I packed in quite a bit to this summer, so much that remembering things like where I put this notebook so I could type up the previous post. For that reason, I have just one post about the road trip rather than a before and after.
The idea for a road trip first occurred to me some time this past spring. My cousin and his wife currently live there as do many members of our non-mutual family. The idea of a road trip popped into my head. I have the whole summer off. Why not?
The idea did not remain nebulous for long. As soon as I mentioned the road trip to someone, I felt locked in but in a good way. Taking this solo road trip stretched me. Telling people about it kept me from backing out and taking the easy way out by staying home and vegging on the couch.
Then comes the planning. Although everything came together in the end, I left a lot, way too much, up to the last minute, like visiting my cousin and his wife. By the time the trip was almost upon me. I focused on the logistics and by default figured that it would take too much work to try to plan a meet up. That won’t happen again. In the end, I likely would have had to skip the meet up to get back in time for the funeral.
Back to the point, I planned this trip in fits and spurts, starting with the discovery of a useful tool, tripmaker.randmcnally.com. It’s not perfect but it gave me a great place to start. This tool allows you to put in a starting and ending location and find sites of interest along your route. I found one of my favorite stops, the Mark Twain House, with this site.
I learned, however, that addresses on this site are not always reliable. Sometimes the difference stretched up to an hour longer. The site also omits sites of interest while including many obscure sites that sometimes have out of date information.
Another difficulty with this site comes with its search feature. Perhaps some of the distance estimation difficulties come from inaccurate location approximation. I learned that I have come to rely quite heavily on Google’s “fill-in-the-blank” or “read-your-mind” feature. This site is best used in conjunction with sites like Google, obviously, and tripadvisor.
Tripmaker served as the primary tool for the initial stages of planning. One look at my “first draft” would confirm to anyone that I have a serious case of wanting-to-do-it-all. If I had followed through with that first draft, the trip would have caused far too much stress.
Tripadvisor helped me revise and “finalize” the details for this trip. I have no idea how people planned trips before this website existed. With regards to this trip, I used tripadvisor to research the details of each site to evaluate just how important each site was to me. Each time I went over the printed trip plan I ended up eliminating sites, like Prince Edward Island or rearranging the entire itinerary.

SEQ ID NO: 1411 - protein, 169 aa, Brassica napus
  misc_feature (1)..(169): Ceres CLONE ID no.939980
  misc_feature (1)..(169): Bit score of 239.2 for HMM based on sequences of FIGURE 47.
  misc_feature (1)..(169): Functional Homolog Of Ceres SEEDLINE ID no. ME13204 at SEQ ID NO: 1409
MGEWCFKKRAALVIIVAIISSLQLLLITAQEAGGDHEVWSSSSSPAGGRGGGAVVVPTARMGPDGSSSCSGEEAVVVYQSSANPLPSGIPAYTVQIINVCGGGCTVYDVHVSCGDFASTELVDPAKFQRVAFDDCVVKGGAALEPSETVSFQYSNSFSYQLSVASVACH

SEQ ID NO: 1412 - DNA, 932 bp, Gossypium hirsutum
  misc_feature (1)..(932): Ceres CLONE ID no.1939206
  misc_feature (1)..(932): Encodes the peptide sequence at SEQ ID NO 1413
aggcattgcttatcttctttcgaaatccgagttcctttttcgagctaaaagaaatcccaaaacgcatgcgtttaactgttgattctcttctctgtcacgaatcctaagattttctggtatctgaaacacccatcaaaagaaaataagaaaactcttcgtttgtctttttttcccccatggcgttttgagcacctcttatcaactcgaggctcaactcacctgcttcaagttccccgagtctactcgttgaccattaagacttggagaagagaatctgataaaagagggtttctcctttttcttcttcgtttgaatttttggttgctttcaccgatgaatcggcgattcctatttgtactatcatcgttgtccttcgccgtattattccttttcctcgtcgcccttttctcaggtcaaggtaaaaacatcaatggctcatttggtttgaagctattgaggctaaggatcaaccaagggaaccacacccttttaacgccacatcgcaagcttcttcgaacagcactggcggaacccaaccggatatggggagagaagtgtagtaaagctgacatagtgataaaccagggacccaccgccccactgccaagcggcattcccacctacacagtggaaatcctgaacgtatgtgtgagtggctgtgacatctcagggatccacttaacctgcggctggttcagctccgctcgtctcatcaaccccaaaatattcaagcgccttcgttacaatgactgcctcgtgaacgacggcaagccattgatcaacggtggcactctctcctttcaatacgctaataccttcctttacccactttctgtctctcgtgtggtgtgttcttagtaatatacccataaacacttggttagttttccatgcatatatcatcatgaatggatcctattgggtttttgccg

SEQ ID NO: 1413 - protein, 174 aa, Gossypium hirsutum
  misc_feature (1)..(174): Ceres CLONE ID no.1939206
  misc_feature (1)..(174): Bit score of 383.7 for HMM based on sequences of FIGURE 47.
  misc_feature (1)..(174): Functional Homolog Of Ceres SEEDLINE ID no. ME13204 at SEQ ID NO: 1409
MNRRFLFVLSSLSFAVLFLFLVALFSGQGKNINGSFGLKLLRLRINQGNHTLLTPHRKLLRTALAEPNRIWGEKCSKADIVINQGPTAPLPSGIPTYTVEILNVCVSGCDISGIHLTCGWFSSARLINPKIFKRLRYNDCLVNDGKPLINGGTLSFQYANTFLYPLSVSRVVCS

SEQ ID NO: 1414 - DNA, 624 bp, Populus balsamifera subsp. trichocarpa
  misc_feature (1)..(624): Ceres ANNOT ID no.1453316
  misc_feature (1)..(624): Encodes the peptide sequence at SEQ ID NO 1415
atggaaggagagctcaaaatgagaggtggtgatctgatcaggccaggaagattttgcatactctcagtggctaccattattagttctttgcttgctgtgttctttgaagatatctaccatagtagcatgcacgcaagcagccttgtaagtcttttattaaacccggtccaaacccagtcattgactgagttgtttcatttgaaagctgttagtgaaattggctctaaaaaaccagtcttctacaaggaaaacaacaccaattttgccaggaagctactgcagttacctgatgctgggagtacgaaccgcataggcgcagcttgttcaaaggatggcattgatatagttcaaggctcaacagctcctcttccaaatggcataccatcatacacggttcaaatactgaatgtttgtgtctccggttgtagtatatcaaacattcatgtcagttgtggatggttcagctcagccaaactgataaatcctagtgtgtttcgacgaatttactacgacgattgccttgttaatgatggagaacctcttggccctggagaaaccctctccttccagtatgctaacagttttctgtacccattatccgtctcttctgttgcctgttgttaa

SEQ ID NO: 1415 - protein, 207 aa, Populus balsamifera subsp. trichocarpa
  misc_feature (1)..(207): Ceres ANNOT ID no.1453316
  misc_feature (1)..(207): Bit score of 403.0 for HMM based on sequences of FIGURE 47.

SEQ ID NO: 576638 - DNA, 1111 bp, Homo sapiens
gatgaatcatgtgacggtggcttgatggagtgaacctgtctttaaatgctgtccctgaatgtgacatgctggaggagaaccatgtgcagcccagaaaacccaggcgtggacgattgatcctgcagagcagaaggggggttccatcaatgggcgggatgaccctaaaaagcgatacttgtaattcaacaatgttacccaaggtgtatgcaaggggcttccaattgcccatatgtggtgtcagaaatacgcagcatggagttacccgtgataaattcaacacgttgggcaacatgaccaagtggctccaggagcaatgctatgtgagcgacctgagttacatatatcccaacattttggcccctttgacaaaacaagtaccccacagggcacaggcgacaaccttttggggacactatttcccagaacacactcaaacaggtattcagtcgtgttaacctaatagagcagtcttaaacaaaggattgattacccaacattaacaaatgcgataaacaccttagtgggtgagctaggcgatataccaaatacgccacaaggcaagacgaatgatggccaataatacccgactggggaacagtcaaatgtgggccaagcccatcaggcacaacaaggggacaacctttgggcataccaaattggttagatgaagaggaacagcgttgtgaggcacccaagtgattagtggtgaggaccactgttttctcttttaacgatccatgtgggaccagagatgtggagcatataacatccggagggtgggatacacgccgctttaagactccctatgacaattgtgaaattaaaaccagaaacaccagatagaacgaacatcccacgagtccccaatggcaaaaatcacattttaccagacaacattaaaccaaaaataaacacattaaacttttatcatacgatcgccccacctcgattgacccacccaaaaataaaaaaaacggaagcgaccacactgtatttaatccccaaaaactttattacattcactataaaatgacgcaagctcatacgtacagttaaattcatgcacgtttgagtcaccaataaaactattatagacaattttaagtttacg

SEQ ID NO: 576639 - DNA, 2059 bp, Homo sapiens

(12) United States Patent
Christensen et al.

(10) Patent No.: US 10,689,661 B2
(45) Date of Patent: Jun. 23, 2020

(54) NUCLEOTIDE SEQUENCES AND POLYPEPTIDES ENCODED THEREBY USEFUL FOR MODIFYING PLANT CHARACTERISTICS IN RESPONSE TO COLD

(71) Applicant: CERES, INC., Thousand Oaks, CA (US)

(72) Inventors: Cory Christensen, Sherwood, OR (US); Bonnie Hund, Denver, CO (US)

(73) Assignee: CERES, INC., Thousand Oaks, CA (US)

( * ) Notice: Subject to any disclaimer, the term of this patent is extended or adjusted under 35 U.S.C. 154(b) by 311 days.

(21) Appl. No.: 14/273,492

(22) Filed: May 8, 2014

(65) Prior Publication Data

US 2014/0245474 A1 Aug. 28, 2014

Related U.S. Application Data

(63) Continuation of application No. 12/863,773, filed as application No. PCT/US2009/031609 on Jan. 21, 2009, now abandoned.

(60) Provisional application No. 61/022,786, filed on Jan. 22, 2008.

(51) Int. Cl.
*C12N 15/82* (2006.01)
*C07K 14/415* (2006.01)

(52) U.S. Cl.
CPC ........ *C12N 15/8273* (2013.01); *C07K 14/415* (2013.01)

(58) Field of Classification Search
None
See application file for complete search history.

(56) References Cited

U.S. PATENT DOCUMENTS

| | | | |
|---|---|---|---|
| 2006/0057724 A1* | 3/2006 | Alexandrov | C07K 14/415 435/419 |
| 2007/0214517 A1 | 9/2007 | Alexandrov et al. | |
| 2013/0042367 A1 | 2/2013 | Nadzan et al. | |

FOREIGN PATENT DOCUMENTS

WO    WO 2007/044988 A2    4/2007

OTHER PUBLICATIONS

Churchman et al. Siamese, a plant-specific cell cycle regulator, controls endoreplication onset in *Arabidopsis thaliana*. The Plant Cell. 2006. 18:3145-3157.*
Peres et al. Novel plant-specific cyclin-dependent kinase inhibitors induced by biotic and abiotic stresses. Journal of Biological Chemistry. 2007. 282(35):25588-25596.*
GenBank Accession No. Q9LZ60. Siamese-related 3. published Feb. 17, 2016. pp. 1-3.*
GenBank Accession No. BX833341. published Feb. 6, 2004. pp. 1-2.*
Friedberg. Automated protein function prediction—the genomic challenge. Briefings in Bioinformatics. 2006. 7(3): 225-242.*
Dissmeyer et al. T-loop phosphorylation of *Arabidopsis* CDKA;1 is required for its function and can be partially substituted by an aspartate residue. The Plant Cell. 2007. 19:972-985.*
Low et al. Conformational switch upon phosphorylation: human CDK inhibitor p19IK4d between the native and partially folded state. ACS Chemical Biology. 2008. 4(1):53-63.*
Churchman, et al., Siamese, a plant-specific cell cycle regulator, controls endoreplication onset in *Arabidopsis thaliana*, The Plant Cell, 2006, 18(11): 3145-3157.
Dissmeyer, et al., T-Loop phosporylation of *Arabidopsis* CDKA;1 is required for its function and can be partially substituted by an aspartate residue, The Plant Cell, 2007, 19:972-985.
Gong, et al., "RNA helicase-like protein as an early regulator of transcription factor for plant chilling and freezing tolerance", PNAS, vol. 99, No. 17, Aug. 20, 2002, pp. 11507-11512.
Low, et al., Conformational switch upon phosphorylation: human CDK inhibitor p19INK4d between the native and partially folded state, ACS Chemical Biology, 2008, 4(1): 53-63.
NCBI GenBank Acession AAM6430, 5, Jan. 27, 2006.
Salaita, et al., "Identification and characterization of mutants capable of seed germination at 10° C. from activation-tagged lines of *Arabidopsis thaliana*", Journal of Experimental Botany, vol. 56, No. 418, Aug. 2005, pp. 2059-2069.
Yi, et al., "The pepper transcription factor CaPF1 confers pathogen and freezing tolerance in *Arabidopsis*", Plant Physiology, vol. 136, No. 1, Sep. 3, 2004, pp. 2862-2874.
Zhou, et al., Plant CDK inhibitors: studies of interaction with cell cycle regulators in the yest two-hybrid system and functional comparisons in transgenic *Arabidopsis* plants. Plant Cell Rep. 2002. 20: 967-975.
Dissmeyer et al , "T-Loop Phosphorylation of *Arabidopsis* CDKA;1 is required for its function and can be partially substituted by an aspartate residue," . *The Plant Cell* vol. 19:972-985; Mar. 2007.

Looking at tripadvisor also helped me plan out how much time to budget for each site which is crucial to a road trip, especially if you book your lodging ahead of time. The wealth of reviews often gives helpful hints and tips. A lack of reviews also helps with evaluations. The website has been around long enough that locations with few reviews are often obscure and perhaps not worth going out-of-the-way to visit. Sometimes hidden gems pop up but not very often.
When it came to what to bring on the trip, I relied on my experience from my 2009 trip, a much more extensive trip. I brought a cooler for water, plenty of snacks (way too many as it turns out) and a container to sit in the front seat to hold toll money and snacks since I wouldn’t have a copilot to grab and hand stuff to me while I drove. Most of the last-minute logistical things came together things to Dad. While I was at the beach he periodically texted to ask if I had various items, some of which I had forgotten all about.
As I headed to the airport to pick up the rental car, Mom marveled at how well I had planned everything. Right then I did not feel that way. If anything, this trip felt like the proverbial red-headed stepchild of my three major trips this year.
Then came the trip itself…
Despite all the bumps in the planning process, I absolutely loved it. I loved it so much that I want to make this a yearly tradition.
I learned a lot on the way. Make sure your debit card works so you can withdraw cash to pay outrageous New England tolls. *Cough* George Washington Bridge *cough* Some tolls are so large you should not pay them with change or face the potential wrath of all the drivers you hold up as the toll operator counts $8.80 in coins. *true story* Massachusetts has all cashless tolls. Watch out. Your rental car company will charge you a $3.95 “convenience fee” for five days worth of tolls when you actually incurred only two $0.90 tolls. If you prefer having your own space, private room is not the way to go on airbnb. Always check behind you to make sure that you have everything. One can’t depend on Good Samaritans to turn in driver’s licenses and credit cards or mail back camera batteries and chargers at no cost. Make a schedule flexible enough tom ix it up should the urge strike you. Sometimes hidden gems away just off the highway. Drink plenty of water so you don’t become a cranky pants on guided tours. I could go on.
This trip far surpassed my wildest expectations. I fell in love with the road trip all over again, even more so than the epic trip of 2009. I cannot wait to take what I learned and apply that to next year’s road trip and the next and the next and … you get the picture.